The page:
Conservatives back stronger action on climate change
By Richard Black, ECIU Director and Sam Richards, ECIU Head of Strategy
While no-one in the country can be sure exactly what people voted for in the recent General Election, one of the more interesting themes to emerge since has been the growing number of Conservative voices calling for stronger action on climate change.
New BEIS Minister Claire Perry MP has raised expectations for the Clean Growth Plan – now due to be published after summer recess – with comments that she hopes it is “as ambitious, robust and clear blueprint as it can be”. Leading Brexiteer and new Secretary of State for the Environment Michael Gove has been clear that he sees quitting the European Union as an opportunity to strengthen existing environmental protections.
The Government even followed Donald Trump’s announcement that he would withdraw from the Paris deal with a line in the Queen’s Speech reaffirming the UK’s commitment to the Agreement.
25 years on from Rio
While warm words of support could be expected from ministers, new backbenchers are also making themselves heard. In advance of a recent event in the House of Commons celebrating 25 years of Conservative leadership on climate change hosted by Lord Howard and Richard Benyon, new MP Simon Clarke wrote a piece heralding the opportunities of emerging technologies such as electric vehicles and carbon capture and storage (CCS), and celebrating the Conservative tradition of environmental stewardship.
Lord Howard’s event marked a quarter of a century of the United Nations Framework Convention on Climate Change, which he as Environment Secretary and Sir John Major as Prime Minister signed for the UK at the Rio Earth Summit.
That this has been a UK success story is unarguable – as our report earlier this year showed, on a per-capita basis the UK economy has grown faster than any other in the G7 group, while our emissions have come down further than any in the G7. The report also contests the idea that the UK has cut its emissions at home by “exporting” them. On a per-capita basis, “imported” emissions are now almost exactly the same as in 1997, even though UK per-capita GDP has more than doubled in that period.
The Committee on Climate Change, in its recent Progress Report to Parliament, picked up the theme. Although its precise calculations differ from ours, its overall message is the same: GDP up 60% since 1990, emissions down 42%.
So, while some in the Parliamentary Conservative Party have been heard to claim that tackling climate change would bring significant economic harm, real-world evidence is showing quite conclusively that they are wrong.
The event itself was astonishing cross-generational, attended by Conservative parliamentarians from 2017 freshers such as Mr Clarke, through established MPs such as James Gray and Julian Lewis, to Sir Crispin Tickell, Lady Thatcher’s advisor in the late 1980s when she delivered her famous speech to the United Nations General Assembly arguing for a global treaty on climate change. It felt as though the Conservative movement is engaging with the issues in a way perhaps not seen since David Cameron’s husky trip, and arguably on a more bottom-up basis.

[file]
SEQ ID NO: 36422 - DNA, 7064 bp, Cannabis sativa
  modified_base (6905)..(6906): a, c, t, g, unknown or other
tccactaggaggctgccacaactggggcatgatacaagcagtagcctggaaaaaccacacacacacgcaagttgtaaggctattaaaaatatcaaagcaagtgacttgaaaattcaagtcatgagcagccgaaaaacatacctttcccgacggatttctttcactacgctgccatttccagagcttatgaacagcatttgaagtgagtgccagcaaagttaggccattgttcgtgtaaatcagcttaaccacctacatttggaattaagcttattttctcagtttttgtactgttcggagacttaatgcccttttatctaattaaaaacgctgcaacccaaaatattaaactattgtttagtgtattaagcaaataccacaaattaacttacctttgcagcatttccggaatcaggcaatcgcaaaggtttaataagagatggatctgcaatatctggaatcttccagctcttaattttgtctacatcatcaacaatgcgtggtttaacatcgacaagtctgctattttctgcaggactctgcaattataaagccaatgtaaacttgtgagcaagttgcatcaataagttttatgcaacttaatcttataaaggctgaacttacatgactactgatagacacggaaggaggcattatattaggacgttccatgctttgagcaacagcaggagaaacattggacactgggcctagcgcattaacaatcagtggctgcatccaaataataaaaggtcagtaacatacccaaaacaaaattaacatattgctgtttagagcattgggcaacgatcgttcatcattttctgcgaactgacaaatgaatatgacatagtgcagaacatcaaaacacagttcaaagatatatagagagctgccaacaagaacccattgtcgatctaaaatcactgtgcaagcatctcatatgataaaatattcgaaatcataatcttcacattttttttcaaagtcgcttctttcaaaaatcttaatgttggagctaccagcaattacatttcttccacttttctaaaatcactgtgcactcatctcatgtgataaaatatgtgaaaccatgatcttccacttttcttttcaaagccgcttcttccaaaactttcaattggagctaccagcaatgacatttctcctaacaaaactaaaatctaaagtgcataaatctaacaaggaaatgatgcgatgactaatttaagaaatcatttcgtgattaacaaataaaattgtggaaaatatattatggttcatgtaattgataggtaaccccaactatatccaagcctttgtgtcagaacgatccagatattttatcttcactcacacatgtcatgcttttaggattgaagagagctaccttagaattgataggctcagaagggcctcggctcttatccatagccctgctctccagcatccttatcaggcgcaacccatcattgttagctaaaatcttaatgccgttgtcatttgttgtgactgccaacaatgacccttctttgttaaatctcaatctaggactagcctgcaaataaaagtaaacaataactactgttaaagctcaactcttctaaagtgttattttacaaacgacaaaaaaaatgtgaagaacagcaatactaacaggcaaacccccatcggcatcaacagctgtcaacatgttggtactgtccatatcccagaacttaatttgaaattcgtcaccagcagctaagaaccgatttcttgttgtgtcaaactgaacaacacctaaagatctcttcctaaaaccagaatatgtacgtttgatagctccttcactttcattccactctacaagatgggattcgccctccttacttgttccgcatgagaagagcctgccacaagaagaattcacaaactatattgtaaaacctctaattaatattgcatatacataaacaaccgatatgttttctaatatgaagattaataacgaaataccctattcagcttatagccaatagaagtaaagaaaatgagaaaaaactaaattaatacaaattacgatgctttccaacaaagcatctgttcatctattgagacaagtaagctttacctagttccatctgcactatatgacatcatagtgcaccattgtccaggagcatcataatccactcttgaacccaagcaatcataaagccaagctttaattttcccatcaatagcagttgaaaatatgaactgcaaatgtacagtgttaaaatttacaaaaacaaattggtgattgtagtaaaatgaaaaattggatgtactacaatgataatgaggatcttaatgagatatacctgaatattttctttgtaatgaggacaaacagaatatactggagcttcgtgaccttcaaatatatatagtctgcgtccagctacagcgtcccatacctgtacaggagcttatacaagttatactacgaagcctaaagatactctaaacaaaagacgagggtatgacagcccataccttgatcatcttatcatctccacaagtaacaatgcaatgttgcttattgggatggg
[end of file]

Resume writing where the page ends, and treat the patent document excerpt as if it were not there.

And the overall takeaway – GDP up, emissions down – has clearly been noted in Government, with Ms Perry remarking on it during her speech at the event.
This matters, given the energy, climate, and broader environmental issues facing Parliament over the coming months. Some are quite detailed, and there are likely to be several issues where the overall imperatives of Brexit run up against pragmatic self-interest. The row about continuing British membership of Euratom is the first, but could be a harbinger of many more to come. One important issue will be the UK’s future relationship with the EU’s internal energy market – while close links would aid energy security and reduce bills, just how close it can be is at present an open question.
There are also issues beyond Brexit that the Government will be forced to confront in the coming months and years. As ministers attempt to meet their ambitions on the rollout of electric vehicles, and deliver whatever is in the Clean Growth Plan, it will need cash to meet its goals. A vocal backbench caucus could persuade the Government to put its money where its mouth is; boosting investment for popular projects like EV chargepoints or offshore wind.
Conservative focus on these issues makes sense given the context of the election result. Recent work by centre-right think tank Bright Blue has shown the popularity of climate change action, and as Conservatives look to win the votes of younger, more liberal voters, it seems clear that they will need a good offer on energy and climate.
As we move closer to the publication of the Clean Growth Plan, and indeed closer to the next election, don’t be surprised to hear more and more vocal support for climate change action from the Conservative side of the House – although the Opposition benches are unlikely to be quiet on the matter either.
And one of the arguments underpinning their support is likely to be that which our report and, more importantly, the Committee on Climate Change have advanced: in the last 25 years we have grown our economy significantly while reducing our emissions, and this should give ministers confidence as they enact policies for the next 25 years.